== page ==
Truck driving has seen a rapid spike in driver fatalities over the past few years, and the both the Bureau of Labor Statistics and the Occupational Safety and Health Administration regularly use truck driving as an example as one of the United States’ deadliest jobs for a variety of reasons.
What are the reasons for the high crash-related fatalities?
Experts aren’t sure whether they’re due more to equipment and road problems or human error, but almost every potential factor is in play. Some industry experts cite the roads: investment in infrastructure isn’t where it should be, and that trend shows no sign of slowing. Whether it’s over-crowded roads, county roads that have poor visibility and non-existent shoulders, or small margins for error as trailers outgrow road dimensions, slowed development and road improvements can take a share of the blame.
But there’s also a new safety concern, and that’s the rapidly increasing demand for smaller shipments. Online commerce and single-day shipping are transforming the trucking industry in ways that aren’t fully understood. But what is clear is that more and more new drivers are on the road with different sizes of smaller loads and no time to waste. When name-brand reputation hinges on getting the delivery date right, the incentives (and the penalties) come into conflict with safety.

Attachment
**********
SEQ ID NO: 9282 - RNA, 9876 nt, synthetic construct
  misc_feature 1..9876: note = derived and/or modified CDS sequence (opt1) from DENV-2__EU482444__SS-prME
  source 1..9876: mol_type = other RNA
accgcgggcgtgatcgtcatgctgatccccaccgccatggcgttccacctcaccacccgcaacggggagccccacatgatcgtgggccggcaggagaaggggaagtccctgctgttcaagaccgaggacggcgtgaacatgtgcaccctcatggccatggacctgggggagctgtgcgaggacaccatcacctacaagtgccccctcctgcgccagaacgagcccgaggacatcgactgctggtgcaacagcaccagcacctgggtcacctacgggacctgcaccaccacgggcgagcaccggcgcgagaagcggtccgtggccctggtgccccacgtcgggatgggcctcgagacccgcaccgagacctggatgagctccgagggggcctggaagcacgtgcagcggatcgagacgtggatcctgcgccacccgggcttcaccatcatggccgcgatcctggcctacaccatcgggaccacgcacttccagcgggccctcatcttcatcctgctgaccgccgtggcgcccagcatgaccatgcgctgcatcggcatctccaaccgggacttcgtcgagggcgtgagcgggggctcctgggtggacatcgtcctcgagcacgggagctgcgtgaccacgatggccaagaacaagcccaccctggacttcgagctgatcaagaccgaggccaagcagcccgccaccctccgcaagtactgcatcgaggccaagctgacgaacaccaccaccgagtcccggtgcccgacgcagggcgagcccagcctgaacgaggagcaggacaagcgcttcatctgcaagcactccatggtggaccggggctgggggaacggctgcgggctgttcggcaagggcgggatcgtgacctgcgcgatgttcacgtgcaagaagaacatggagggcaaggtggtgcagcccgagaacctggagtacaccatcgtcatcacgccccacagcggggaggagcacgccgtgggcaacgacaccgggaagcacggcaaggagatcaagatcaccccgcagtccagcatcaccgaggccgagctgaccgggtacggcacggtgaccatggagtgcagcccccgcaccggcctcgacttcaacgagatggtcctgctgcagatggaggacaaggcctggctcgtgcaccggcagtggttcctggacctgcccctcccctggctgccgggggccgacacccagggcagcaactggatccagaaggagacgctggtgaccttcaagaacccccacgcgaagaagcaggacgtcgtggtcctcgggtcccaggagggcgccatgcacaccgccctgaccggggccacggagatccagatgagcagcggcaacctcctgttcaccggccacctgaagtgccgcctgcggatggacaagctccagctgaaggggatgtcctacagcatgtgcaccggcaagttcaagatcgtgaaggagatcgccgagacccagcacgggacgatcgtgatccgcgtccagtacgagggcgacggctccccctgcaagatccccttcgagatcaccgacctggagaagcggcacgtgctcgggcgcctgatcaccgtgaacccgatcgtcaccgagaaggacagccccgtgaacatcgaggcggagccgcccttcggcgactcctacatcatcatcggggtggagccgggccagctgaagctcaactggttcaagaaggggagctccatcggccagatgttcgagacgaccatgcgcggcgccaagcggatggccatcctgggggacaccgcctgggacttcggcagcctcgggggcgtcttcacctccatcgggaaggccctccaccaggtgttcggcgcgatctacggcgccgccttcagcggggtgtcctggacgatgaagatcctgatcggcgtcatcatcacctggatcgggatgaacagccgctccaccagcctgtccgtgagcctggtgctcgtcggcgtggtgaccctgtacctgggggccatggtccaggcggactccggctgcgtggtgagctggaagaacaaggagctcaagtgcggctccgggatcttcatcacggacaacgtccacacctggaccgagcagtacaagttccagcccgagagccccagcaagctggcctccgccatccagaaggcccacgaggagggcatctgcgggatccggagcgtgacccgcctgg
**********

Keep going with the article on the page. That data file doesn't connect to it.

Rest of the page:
What about other deaths and dangers?
Crashes aren’t the only concern. As drivers have to pull over into unknown truck stops and empty lots to comply with stricter regulations, they’re increasingly vulnerable to robbery and violent crime. Drivers have reported feeling steadily less safe since 2012. There are also long-lasting health impacts of life on the road, such as the effects of poor diet, restricted movement, and inconsistent sleep schedules.
While it’s impossible to mitigate all of the risks associated with driving, it’s important to know about them. Keeping regional crash statistics, health information, and more in mind can help you decide which jobs aren’t worth the risk and what changes you want to make in your own lifestyle. Go to J.E.B. Insurance Services, LLC. for regular news about truckers’ health and safety, and to find better coverage. We provide commercial truck insurance in the states of Florida, Georgia, Texas, North Carolina, South Carolina, Tennessee, Illinois, Iowa, and Nebraska.